In our first colour academy post, we are going more deeply into the colour pink, which is currently the hottest colour in the world due to Barbie. Pink is a colour name that includes all kinds of mixtures of white and red. Pink is not a spectrum colour, but the shade of pink can be counted among the shades of red. The explanatory dictionary of the Estonian language also defines the pink colour as the pale red colour of the rosehip flower. Like all colours, pink is very versatile, the word itself evokes many different images and concepts – romance, flowers, femininity, Barbie, breast cancer, etc.
Pink - women's or men's colour?
Pink was first used as a colour name in the late 17th century. Pink is most often associated with sensitivity, tenderness, sweetness, childhood, femininity and romance. Pink is primarily recognised as a feminine colour in the United States, but also in other parts of the world. It is for this reason that this colour is used as a universal symbol of hope and awareness in the fight against breast cancer.
Although in the 21st-century pink is considered more of a symbol of femininity, this has not always been the case – already in the middle of the 18th century, pink was a fashionable colour among male and female aristocrats as a symbol of class and luxury. In the 1920s, pink was considered a colour that reflected masculinity. This is because of its red mother colour, which is fiery, active and aggressive. In Japan, for example, pink has a masculine association to this day – pink cherry blossoms are said to represent fallen Japanese warriors.
1920s men's suit
The Scale of LoveJean-Antoine Watteau (1684–1721)The National Gallery, London
1920s boy suit
How do we perceive the colour pink?
Bright and warm pinks like fuchsia or magenta are youthful and inspire confidence. These pinks are passionate and almost sensual, conveying similar energy as red. In addition, it is said that these pinks can motivate action and stimulate creative thoughts. However, restrained and muted pinks tell a different story – they are friendly and represent the carefree days of childhood. Peaceful pink is commonly used in design in female-oriented branches such as wedding planning, dressing, and baking.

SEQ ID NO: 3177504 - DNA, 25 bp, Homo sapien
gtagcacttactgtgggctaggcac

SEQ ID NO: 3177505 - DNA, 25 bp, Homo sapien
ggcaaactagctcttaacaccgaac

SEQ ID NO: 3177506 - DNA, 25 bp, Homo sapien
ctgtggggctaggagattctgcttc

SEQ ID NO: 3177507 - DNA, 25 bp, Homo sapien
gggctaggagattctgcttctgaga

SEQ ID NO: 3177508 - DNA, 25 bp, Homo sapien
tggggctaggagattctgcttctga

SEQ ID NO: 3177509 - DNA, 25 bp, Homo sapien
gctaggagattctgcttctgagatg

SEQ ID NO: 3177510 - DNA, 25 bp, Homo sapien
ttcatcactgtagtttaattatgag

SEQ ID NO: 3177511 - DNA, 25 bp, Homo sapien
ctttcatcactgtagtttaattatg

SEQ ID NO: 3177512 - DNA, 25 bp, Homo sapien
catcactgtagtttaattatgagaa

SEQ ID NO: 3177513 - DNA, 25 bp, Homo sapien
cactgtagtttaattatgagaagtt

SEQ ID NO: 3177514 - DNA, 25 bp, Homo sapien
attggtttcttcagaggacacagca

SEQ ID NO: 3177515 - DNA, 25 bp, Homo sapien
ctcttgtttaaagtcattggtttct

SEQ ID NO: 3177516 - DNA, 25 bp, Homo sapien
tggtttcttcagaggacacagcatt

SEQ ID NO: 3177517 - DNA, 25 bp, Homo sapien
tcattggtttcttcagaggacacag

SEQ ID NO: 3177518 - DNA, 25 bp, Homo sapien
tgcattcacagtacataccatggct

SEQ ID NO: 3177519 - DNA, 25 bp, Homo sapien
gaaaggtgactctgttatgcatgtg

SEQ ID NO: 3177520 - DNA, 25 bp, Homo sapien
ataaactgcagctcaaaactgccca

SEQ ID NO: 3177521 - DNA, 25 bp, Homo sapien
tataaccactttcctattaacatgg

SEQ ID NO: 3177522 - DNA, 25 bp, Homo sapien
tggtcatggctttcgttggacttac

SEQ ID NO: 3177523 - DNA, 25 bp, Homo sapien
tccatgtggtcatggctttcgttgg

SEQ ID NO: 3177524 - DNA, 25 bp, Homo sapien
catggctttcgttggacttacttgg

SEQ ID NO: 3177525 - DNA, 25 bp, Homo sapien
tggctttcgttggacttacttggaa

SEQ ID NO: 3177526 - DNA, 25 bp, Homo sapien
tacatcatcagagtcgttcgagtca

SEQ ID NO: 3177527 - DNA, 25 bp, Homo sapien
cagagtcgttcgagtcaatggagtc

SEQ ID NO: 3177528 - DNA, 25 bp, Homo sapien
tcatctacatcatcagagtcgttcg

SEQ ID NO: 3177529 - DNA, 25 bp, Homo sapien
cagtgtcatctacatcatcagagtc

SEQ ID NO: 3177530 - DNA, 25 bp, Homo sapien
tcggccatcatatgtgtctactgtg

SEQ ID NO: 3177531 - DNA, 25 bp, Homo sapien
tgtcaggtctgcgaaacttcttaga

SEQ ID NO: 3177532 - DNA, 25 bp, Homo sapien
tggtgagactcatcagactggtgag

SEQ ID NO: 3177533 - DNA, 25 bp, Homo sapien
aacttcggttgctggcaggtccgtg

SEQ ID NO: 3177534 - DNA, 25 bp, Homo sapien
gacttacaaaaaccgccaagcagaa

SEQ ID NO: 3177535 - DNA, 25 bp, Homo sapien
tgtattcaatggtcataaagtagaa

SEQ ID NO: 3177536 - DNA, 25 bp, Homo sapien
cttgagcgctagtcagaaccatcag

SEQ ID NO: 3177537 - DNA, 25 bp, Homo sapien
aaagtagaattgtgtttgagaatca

Reet Härmat and Anu Saagim in Tanel's pink silk costume
What to match the colour pink with?
Wearing pink and matching it with an outfit can be a challenge for some, although pink actually goes well with many colours, such as:
- By wearing pink with cool dark and dark red tones, the result is subtle and safe.
- Add shades of grey to the pink to highlight the elegance.
- Pink softened with beige gives an extra professional look.
- The traditional combination of white and pink looks fresh and crisp.
- For an elegantly rich look, add a silver or gold accent to the pink.
- Green and pink are on opposite sides of the colour wheel, so they go perfectly together, especially if the tones have the same shade.
It would also be good to know which shade of pink matches your skin tone best. In general, if the skin has pink undertones, the skin tone is cool, and thus colours with cool undertones are best suited. If your skin has golden or apricot undertones, your skin tone is warm, in which case colours with warmer undertones are better.
If pink still seems too bright for you to wear its coloured clothes, then use it only as an accent colour by adding pink accessories to the outfit. It’s also worth remembering that fashion isn’t as much fun without breaking a few rules 😉
Our Muse Meisi's combination of pink and green
Our Muse Mari-Liis in a soft hydrangea pink embrace
Why does Tanel love pink?
“I really have something pink in every collection, either a cool blush tone or a warmer peach. It seems to me that if it’s not really burning fuchsia, then pink is pleasantly delicate and bold at the same time. You can slyly slip into the red bench or the white field.” – Tanel Veenre
Flaming pink in Tanel's Mirage collection
You can find our pink recommendations here: